This is a good idea for a thread, not just because it's a fascinating rivalry in itself but also because of the current interest on these threads in Chrissie. A few reactions to what Daze11 wrote:
I'd disgree that the rivalry started in the last quarter of 79. What really kicked it off was Tracy's victory over Chris in Rome in May 79. That was HUGE as Tracy had beaten Chris in her own claycourt kingdom. Chrissie pulled out a victory over Tracy in three at Bergen that summe and then lost to her on hard courts having held the title for four consecutive years. With Martina dominating indoors and on grass at that point, Chris' career seemed at a crossroads. Tracy was also beating Martina at this point (their h2h in 79 was 6-5 in martina's favour), so the future seemed to have Tracy written all over it, with Chris yesterday's #1.
Tracy was indeed more powerful off both wings than Chris (at this point - we know that Chris became much stronger later in her career), though Chrissie had the better net game of the two, IMO. The trouble was that Chris wasn't confident enough in her net game at that point to exploit it fully and she didn't have a serve to take her there. In the face of Tracy's returns and passing shots, she played very conservatively and, as had happened against Nancy Richey, another indomitable baseliner against whom Chris had real problems early in her career, she came off worse. I'd say that Chris was a better mover than Tracy too, not so much in terms of speed but more in the sense of diagonal and front-back court coverage. Tracy also had a rigidity in the way she hit her groundstrokes, arms out very straight, especially on the backhand, that Chris' didn't.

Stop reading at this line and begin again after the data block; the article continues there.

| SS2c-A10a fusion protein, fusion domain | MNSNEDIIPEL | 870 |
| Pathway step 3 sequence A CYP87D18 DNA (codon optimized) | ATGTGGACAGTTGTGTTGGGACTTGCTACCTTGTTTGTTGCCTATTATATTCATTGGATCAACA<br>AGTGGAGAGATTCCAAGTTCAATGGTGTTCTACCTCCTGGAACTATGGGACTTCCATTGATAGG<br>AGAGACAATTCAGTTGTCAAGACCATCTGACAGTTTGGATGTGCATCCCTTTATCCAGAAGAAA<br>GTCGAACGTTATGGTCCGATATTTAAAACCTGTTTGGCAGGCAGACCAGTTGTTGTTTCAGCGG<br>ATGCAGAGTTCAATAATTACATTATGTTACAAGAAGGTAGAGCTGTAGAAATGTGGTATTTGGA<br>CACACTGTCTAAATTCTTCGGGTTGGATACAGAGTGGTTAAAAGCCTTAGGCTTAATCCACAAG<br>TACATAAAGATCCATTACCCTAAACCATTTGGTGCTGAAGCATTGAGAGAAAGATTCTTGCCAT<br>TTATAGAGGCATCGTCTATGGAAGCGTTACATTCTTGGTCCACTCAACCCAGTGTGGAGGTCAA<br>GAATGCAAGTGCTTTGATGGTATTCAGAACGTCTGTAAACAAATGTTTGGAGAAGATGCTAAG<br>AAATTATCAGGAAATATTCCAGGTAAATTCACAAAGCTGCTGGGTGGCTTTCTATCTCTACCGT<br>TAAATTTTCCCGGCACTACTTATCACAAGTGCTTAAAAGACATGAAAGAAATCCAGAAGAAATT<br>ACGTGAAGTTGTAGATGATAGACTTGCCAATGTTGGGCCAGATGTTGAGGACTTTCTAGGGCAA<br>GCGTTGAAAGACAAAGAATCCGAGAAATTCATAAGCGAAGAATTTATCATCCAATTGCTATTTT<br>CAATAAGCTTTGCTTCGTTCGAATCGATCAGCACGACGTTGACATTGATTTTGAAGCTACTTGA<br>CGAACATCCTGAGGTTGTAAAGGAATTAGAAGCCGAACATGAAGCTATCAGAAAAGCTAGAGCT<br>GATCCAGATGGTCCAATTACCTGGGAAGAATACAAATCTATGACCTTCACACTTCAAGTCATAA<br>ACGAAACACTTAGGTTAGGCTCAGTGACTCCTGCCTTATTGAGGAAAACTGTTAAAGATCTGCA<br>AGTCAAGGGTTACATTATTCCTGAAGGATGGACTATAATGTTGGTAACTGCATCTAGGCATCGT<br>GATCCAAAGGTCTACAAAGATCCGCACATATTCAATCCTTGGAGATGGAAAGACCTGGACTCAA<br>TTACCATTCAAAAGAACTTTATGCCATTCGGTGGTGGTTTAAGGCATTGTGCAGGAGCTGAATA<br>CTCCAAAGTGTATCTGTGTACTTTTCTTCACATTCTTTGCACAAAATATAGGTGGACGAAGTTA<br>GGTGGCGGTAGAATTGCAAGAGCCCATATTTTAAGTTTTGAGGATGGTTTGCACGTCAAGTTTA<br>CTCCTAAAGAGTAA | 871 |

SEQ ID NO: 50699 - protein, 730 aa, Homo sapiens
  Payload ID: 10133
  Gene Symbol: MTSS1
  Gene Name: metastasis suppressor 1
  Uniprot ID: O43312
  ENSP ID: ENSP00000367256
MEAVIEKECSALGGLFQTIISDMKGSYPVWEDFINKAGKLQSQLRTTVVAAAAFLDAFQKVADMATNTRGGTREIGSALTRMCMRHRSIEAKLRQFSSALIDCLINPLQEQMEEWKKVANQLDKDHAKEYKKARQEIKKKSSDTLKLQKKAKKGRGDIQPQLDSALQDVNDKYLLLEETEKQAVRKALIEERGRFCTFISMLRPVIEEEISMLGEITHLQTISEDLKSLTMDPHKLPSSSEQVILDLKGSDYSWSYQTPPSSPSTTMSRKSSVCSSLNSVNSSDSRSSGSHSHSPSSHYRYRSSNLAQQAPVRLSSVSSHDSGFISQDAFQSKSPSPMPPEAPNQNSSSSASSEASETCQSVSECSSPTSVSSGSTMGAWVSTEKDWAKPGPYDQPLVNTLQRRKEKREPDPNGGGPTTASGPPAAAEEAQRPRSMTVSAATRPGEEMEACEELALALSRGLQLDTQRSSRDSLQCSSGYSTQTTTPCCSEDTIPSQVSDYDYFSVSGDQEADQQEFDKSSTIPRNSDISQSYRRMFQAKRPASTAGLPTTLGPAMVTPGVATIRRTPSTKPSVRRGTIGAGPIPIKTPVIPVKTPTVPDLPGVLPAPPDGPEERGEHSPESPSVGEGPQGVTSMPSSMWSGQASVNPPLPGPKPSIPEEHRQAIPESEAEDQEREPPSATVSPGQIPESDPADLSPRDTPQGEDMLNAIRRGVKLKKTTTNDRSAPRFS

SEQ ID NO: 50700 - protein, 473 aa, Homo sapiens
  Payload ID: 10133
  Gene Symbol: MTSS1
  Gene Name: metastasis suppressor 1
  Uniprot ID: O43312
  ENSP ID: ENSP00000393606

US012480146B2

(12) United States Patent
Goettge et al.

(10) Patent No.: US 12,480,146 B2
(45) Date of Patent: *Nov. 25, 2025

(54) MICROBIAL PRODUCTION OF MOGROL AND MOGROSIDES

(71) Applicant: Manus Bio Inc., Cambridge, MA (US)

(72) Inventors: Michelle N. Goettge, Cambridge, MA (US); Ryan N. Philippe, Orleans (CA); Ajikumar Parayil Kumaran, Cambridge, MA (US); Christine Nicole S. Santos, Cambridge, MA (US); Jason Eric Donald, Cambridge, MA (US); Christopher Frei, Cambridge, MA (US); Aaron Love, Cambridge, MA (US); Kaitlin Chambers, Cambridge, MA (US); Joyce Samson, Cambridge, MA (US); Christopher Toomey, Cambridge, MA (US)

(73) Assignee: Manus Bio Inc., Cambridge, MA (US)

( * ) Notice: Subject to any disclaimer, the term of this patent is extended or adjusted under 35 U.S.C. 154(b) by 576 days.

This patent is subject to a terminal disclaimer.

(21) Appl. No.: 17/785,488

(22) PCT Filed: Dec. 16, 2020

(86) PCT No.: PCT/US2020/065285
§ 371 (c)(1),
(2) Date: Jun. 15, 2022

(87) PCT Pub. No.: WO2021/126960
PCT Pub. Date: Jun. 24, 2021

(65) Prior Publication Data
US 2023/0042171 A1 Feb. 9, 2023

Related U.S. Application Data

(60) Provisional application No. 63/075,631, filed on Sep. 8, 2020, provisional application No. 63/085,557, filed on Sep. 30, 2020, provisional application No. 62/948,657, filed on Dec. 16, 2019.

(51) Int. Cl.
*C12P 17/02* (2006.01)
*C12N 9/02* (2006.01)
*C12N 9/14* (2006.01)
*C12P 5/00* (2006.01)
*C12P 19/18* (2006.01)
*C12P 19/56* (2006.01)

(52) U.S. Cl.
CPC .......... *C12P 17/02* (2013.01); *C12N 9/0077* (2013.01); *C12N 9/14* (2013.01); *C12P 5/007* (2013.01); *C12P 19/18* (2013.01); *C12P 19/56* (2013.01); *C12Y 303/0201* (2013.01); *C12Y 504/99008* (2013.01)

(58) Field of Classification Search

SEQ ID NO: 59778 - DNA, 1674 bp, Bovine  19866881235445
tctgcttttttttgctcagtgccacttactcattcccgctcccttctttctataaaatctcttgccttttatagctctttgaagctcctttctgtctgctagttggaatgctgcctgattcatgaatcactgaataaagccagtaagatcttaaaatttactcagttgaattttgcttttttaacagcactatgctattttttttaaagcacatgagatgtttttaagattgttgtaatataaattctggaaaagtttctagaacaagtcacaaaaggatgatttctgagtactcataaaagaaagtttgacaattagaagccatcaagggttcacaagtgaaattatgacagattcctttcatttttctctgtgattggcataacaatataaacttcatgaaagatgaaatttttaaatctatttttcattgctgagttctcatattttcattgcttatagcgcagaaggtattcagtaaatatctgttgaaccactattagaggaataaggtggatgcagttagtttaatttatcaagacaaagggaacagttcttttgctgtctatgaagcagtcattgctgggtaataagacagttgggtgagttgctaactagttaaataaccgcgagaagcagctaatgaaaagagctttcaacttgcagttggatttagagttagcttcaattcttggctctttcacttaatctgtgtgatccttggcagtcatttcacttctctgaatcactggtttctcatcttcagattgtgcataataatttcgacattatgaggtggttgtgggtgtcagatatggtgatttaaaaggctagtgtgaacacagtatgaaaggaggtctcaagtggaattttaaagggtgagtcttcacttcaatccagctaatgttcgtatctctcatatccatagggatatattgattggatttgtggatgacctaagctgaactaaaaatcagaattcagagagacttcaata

I fully agree with Daze11's take on Chrissie's mental frame of mind in this period. She had enjoyed a long period of dominance and azll of a sudden was being squeezed out by Martina on the fast stuff and Tracy on the dirt. Plus her focus was perhaps less intense because of her marriage with John Lloyd. In fact, she took time out in early 1980 to reassess her goals. Tracy, on the other hand was new and very very hungry and brimful of the carefree confidence of youth we later saw in Graf, Seles and Hingis.
Two other aspects of the psychological battle are, I think, these: Chris had not really faced a baseliner of Tracy's calibre for several years. King, Wade, Navratilova and Goolagong were all of a different type altogether and Fromholtz, Barker, Ruzici and Jausovec, were not in the same league and all had single-handed backhands. It took Chris a while to work out how to play this mirror-image, the first of the Chrissie-clone generation. Secondly, against any new star, the older player has much more to lose and is bound to feel defensive. Both Chris and Martina suffered from this nervousness (Martina even more so, IMO) at times.
Well that's my tuppence worth for now. I must say I always rooted for Chris against Tracy, so I may not have been totally neutral above...